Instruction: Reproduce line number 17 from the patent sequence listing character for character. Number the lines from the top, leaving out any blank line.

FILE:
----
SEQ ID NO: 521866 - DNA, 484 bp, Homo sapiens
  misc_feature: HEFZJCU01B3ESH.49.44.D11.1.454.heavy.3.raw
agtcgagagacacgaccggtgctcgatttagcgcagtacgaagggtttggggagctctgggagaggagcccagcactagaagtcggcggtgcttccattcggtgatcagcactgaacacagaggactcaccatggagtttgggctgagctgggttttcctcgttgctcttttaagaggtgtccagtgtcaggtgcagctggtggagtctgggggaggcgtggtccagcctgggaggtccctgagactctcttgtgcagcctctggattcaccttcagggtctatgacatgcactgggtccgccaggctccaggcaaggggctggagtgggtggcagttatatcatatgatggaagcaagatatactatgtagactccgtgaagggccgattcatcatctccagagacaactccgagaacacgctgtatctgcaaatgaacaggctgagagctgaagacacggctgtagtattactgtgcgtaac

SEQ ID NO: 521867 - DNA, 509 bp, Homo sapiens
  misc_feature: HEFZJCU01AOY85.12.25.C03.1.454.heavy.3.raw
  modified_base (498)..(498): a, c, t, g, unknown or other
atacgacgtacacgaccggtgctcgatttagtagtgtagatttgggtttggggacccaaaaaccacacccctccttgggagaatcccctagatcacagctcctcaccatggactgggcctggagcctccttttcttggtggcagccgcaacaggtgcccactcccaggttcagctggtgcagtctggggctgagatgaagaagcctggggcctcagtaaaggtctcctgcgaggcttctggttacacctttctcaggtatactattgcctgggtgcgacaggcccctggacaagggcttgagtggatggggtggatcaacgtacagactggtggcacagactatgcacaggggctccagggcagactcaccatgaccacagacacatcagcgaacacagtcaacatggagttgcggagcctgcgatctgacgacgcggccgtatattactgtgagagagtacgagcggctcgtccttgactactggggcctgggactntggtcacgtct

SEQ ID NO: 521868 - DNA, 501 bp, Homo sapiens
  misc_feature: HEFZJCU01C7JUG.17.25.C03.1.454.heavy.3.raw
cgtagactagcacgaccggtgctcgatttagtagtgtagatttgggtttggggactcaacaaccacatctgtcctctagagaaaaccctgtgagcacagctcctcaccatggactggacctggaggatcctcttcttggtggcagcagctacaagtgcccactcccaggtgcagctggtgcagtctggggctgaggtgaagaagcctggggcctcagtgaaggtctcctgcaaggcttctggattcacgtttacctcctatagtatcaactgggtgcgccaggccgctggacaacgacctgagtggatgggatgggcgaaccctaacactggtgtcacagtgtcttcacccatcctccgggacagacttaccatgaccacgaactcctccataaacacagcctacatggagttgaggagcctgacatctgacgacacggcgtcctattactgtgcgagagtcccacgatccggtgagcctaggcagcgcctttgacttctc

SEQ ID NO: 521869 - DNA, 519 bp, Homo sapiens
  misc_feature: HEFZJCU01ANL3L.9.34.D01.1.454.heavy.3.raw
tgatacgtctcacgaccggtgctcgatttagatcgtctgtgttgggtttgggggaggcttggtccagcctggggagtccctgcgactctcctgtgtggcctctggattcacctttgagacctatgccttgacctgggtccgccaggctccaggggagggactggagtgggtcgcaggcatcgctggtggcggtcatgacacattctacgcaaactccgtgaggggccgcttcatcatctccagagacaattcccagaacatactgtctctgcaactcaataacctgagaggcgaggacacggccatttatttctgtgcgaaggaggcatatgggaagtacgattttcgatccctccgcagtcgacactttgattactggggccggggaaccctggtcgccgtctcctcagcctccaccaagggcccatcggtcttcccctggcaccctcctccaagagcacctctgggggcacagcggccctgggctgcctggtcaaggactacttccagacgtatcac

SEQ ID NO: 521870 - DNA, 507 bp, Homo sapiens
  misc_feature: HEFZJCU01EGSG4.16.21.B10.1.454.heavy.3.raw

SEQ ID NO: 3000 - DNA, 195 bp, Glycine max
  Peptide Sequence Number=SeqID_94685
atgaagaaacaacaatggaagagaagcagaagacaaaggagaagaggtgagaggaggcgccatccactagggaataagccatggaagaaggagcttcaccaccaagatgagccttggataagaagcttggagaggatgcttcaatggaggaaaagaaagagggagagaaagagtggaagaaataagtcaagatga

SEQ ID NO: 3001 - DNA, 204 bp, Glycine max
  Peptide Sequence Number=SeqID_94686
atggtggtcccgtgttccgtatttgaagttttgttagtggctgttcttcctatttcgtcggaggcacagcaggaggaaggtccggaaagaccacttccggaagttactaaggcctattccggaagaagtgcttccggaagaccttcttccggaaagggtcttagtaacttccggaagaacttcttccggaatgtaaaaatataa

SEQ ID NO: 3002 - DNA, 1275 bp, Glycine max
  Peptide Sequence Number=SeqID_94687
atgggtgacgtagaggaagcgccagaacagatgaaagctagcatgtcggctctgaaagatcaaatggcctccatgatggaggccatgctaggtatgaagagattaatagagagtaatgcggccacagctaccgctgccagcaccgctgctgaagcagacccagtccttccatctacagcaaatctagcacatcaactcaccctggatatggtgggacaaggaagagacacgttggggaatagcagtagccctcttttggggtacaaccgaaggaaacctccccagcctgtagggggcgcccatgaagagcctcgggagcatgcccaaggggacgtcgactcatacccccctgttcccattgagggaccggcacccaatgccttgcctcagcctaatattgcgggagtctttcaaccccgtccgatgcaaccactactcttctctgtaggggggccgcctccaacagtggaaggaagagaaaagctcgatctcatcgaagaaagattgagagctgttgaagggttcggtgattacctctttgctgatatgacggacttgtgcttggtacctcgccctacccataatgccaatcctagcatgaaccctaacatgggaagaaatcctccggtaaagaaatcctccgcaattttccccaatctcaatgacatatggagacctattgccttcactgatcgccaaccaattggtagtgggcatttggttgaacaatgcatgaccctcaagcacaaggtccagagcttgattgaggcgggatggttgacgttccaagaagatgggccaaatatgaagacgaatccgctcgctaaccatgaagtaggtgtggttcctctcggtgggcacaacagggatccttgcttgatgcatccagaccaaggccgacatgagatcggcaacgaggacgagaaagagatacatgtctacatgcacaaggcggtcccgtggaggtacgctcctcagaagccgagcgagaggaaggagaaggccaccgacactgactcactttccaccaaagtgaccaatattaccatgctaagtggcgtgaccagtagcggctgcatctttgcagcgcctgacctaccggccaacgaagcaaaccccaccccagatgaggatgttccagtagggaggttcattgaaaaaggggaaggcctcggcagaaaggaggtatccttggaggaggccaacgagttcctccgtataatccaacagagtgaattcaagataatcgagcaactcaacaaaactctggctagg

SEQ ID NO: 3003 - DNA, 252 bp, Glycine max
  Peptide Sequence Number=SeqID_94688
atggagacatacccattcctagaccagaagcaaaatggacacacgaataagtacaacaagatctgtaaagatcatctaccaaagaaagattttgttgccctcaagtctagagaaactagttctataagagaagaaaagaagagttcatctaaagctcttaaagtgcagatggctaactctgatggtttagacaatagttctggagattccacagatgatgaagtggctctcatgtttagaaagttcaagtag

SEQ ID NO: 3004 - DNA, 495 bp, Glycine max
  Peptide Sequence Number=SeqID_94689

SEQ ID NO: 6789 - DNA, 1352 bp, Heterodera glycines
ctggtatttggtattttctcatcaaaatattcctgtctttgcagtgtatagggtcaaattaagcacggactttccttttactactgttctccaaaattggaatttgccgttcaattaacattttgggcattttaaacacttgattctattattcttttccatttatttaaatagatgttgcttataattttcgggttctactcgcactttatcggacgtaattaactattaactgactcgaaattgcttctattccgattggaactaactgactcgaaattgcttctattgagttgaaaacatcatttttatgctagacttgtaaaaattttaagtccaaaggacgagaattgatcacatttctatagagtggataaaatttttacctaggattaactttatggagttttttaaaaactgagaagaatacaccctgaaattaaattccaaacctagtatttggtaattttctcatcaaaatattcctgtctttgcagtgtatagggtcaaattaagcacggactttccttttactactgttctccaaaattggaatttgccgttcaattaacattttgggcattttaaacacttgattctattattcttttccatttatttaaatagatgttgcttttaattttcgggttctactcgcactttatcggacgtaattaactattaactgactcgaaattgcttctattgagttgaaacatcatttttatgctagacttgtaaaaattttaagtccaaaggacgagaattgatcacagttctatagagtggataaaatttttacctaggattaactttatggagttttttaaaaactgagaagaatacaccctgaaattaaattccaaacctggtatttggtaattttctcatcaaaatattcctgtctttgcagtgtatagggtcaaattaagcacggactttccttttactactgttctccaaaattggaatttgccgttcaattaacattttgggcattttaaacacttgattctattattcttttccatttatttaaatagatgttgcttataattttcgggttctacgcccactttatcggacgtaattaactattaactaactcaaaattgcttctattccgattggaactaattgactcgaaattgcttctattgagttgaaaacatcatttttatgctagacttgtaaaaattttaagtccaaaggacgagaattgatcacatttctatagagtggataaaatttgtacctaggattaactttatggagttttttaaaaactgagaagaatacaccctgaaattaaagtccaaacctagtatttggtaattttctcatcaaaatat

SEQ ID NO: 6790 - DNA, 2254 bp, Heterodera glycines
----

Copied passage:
  Peptide Sequence Number=SeqID_94685